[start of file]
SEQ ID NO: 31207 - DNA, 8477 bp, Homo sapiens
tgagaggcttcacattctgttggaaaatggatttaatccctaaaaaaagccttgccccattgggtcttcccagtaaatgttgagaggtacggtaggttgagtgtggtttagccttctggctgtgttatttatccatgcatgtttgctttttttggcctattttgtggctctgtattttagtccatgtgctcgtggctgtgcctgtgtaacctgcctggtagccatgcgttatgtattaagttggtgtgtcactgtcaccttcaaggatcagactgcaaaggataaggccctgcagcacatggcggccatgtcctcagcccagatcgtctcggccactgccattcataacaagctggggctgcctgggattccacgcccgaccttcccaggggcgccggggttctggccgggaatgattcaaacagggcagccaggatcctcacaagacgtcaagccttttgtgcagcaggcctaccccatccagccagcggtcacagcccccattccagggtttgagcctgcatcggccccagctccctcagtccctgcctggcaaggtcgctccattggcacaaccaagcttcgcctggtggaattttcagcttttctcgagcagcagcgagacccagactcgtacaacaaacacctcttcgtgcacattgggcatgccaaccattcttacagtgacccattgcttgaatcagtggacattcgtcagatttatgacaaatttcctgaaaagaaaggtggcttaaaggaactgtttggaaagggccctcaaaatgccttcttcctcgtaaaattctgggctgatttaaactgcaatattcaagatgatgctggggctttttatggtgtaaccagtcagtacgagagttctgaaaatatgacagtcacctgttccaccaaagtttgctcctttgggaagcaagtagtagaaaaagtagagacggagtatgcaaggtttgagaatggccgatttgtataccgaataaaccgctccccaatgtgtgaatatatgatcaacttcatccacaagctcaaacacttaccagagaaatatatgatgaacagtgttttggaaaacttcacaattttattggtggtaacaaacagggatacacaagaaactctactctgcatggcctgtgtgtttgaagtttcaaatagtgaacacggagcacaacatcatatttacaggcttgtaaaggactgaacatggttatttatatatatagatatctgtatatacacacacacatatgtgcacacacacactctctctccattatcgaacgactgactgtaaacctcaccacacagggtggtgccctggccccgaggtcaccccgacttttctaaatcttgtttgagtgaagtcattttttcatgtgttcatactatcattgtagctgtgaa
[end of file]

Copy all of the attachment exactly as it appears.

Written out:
SEQ ID NO: 31207 - DNA, 8477 bp, Homo sapiens
tgagaggcttcacattctgttggaaaatggatttaatccctaaaaaaagccttgccccattgggtcttcccagtaaatgttgagaggtacggtaggttgagtgtggtttagccttctggctgtgttatttatccatgcatgtttgctttttttggcctattttgtggctctgtattttagtccatgtgctcgtggctgtgcctgtgtaacctgcctggtagccatgcgttatgtattaagttggtgtgtcactgtcaccttcaaggatcagactgcaaaggataaggccctgcagcacatggcggccatgtcctcagcccagatcgtctcggccactgccattcataacaagctggggctgcctgggattccacgcccgaccttcccaggggcgccggggttctggccgggaatgattcaaacagggcagccaggatcctcacaagacgtcaagccttttgtgcagcaggcctaccccatccagccagcggtcacagcccccattccagggtttgagcctgcatcggccccagctccctcagtccctgcctggcaaggtcgctccattggcacaaccaagcttcgcctggtggaattttcagcttttctcgagcagcagcgagacccagactcgtacaacaaacacctcttcgtgcacattgggcatgccaaccattcttacagtgacccattgcttgaatcagtggacattcgtcagatttatgacaaatttcctgaaaagaaaggtggcttaaaggaactgtttggaaagggccctcaaaatgccttcttcctcgtaaaattctgggctgatttaaactgcaatattcaagatgatgctggggctttttatggtgtaaccagtcagtacgagagttctgaaaatatgacagtcacctgttccaccaaagtttgctcctttgggaagcaagtagtagaaaaagtagagacggagtatgcaaggtttgagaatggccgatttgtataccgaataaaccgctccccaatgtgtgaatatatgatcaacttcatccacaagctcaaacacttaccagagaaatatatgatgaacagtgttttggaaaacttcacaattttattggtggtaacaaacagggatacacaagaaactctactctgcatggcctgtgtgtttgaagtttcaaatagtgaacacggagcacaacatcatatttacaggcttgtaaaggactgaacatggttatttatatatatagatatctgtatatacacacacacatatgtgcacacacacactctctctccattatcgaacgactgactgtaaacctcaccacacagggtggtgccctggccccgaggtcaccccgacttttctaaatcttgtttgagtgaagtcattttttcatgtgttcatactatcattgtagctgtgaa